The lawsuit, filed in Delaware, follows what Mr. Icahn said were failed attempts to get the materials he sought. He contended those items would help him "ascertain what the board could have done" to assure shareholders that the company's comments weren't incorrect and wouldn't give shareholders "an inaccurate perspective on the prospects for the mobile devices business."
ascertain Hide phonetics
verb [T] FORMAL
to discover; to make certain:
The police have so far been unable to ascertain the cause of the explosion.
[+ that] I ascertained that no one could overhear us before I told Otto the news.
[+ question word] Have you ascertained whether she's coming or not?
- A view or vista.
- A mental view or outlook: “It is useful occasionally to look at the past to gain a perspective on the present” (Fabian Linden).
- The appearance of objects in depth as perceived by normal binocular vision.
- The relationship of aspects of a subject to each other and to a whole: a perspective of history; a need to view the problem in the proper perspective.
- Subjective evaluation of relative significance; a point of view: the perspective of the displaced homemaker.
- The ability to perceive things in their actual interrelations or comparative importance: tried to keep my perspective throughout the crisis.
- The technique of representing three-dimensional objects and depth relationships on a two-dimensional surface.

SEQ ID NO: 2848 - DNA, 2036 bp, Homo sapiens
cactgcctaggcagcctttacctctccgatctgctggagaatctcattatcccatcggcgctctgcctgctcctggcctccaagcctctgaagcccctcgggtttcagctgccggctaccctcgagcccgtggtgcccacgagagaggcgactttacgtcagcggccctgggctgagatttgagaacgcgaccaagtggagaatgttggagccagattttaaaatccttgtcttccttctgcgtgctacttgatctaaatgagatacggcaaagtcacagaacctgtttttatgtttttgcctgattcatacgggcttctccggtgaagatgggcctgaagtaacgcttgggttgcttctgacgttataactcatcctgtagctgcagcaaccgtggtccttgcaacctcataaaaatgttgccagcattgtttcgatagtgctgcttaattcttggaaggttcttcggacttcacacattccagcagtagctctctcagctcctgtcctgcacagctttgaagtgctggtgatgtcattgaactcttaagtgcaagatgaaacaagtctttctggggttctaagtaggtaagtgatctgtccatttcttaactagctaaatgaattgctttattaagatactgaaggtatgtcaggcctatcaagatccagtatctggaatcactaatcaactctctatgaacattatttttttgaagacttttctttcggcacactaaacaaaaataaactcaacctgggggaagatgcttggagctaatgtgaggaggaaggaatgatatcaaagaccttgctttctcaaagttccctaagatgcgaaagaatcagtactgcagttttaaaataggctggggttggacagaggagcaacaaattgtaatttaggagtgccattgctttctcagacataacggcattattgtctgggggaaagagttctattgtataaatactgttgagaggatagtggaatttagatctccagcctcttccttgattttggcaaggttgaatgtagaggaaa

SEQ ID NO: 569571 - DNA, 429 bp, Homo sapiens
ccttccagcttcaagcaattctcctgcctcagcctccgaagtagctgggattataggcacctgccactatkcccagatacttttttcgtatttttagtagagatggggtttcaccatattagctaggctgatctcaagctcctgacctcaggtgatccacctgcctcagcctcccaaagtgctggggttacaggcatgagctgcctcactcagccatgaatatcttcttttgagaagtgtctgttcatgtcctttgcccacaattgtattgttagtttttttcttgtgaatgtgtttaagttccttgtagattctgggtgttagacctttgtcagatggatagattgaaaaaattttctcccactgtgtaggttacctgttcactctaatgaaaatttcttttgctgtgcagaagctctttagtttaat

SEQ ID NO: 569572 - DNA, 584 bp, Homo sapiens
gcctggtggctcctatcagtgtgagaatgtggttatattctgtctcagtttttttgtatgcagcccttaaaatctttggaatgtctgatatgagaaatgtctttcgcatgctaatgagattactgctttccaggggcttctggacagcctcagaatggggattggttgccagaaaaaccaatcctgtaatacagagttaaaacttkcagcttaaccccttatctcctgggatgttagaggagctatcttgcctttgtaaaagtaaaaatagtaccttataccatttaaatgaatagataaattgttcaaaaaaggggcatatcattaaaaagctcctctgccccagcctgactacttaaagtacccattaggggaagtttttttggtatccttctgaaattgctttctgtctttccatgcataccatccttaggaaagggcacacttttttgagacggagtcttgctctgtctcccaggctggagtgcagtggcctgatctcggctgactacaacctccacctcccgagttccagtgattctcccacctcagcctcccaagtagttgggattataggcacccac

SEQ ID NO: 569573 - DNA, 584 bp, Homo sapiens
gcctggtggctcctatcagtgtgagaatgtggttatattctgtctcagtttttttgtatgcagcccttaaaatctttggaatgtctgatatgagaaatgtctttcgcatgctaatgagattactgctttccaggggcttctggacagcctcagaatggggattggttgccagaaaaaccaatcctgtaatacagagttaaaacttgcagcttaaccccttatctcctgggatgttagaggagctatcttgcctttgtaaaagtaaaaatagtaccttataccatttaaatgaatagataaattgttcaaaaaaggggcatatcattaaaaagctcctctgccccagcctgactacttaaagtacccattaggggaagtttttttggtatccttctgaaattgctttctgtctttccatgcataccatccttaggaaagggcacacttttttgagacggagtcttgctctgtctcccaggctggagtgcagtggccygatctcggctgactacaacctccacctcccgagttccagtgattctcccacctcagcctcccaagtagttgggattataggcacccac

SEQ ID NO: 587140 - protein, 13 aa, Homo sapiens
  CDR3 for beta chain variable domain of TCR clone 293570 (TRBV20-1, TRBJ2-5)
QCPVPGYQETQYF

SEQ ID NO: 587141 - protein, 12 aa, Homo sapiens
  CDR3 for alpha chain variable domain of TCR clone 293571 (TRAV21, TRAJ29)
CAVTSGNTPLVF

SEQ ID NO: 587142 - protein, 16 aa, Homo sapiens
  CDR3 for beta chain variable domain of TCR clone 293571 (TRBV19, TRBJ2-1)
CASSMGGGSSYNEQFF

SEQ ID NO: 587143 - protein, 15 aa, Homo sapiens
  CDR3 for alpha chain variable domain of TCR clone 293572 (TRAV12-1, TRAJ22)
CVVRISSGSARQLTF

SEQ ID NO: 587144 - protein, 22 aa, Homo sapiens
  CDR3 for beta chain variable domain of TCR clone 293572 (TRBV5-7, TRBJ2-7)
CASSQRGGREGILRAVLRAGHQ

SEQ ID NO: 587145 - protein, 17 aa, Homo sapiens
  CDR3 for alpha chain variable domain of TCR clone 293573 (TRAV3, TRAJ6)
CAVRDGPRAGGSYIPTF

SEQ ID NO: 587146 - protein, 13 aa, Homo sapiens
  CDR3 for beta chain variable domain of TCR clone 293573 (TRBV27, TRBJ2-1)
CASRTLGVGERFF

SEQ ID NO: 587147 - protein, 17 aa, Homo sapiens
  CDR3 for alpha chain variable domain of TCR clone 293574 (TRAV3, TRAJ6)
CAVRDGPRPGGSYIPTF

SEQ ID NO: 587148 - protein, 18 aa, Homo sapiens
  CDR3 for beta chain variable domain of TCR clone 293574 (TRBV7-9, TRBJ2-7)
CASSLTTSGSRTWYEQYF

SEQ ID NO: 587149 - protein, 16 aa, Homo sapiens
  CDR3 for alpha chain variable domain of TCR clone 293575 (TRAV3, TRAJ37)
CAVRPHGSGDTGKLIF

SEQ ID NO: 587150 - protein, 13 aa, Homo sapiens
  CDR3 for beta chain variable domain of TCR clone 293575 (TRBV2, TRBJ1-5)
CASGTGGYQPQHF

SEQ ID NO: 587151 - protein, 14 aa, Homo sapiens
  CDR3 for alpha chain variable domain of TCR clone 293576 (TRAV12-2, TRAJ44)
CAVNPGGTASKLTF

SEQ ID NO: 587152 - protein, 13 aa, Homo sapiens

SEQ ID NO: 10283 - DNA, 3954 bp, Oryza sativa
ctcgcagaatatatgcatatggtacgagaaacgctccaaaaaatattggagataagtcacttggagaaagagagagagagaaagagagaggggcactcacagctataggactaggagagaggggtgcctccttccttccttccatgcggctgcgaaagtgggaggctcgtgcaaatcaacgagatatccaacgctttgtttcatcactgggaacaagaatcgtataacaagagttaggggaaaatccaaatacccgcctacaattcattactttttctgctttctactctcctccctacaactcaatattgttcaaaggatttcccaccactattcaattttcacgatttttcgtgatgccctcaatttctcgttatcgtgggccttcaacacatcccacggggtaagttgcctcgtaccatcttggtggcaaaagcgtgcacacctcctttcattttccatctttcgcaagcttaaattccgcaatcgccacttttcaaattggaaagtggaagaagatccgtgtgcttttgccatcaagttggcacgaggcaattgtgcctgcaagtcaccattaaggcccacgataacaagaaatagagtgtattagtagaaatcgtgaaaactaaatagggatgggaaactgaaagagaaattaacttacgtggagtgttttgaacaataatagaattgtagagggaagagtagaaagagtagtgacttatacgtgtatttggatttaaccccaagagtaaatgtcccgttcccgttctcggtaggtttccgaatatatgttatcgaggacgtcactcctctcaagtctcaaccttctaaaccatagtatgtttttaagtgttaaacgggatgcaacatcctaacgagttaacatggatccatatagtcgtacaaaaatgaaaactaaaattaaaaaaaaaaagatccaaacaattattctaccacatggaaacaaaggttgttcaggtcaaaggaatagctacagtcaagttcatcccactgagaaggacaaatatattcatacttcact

Of, relating to, seen, or represented in perspective.
[Middle English, science of optics (influenced by French perspective, perspective), from Medieval Latin perspectīva (ars), feminine of perspectīvus, optical, from perspectus, past participle of perspicere, to inspect : per-, per- + specere, to look.]perspectival per·spec'tiv·al adj.
perspectively per·spec'tive·ly adv.
perspective (THOUGHT) Hide phonetics
a particular way of considering something:
Her attitude lends a fresh perspective to the subject.
He writes from a Marxist perspective.
Because of its geographical position, Germany's perspective on the situation in Eastern Europe is rather different from Britain's.
prospect (POSSIBILITY) Hide phonetics
1 [C or U] the possibility that something good might happen in the future:
Is there any prospect of the weather improving?
There seems little prospect of an end to the dispute.
[+ that] There's not much prospect that this war will be over soon.
There's every prospect of success.
2 [S] the idea of something that will or might happen in the future:
The prospect of spending three whole days with her fills me with horror.
I'm very excited at the prospect of seeing her again.
We face the prospect of having to start all over again.
3 [C] a person who might be chosen, for example as an employee:
We'll be interviewing four more prospects for the posts this afternoon.
prospects Hide phonetics
the possibility of being successful, especially at work:
She's hoping the course will improve her career prospects.
Prospects of/for (= Opportunities for) employment remain bleak for most people in the area.
prospective Hide phonetics
prospective buyers/employers/parents, etc. people who are expected to buy something/employ someone/become a parent, etc:
We've had three sets of prospective buyers looking round the house.
(from Cambridge Advanced Learner's Dictionary)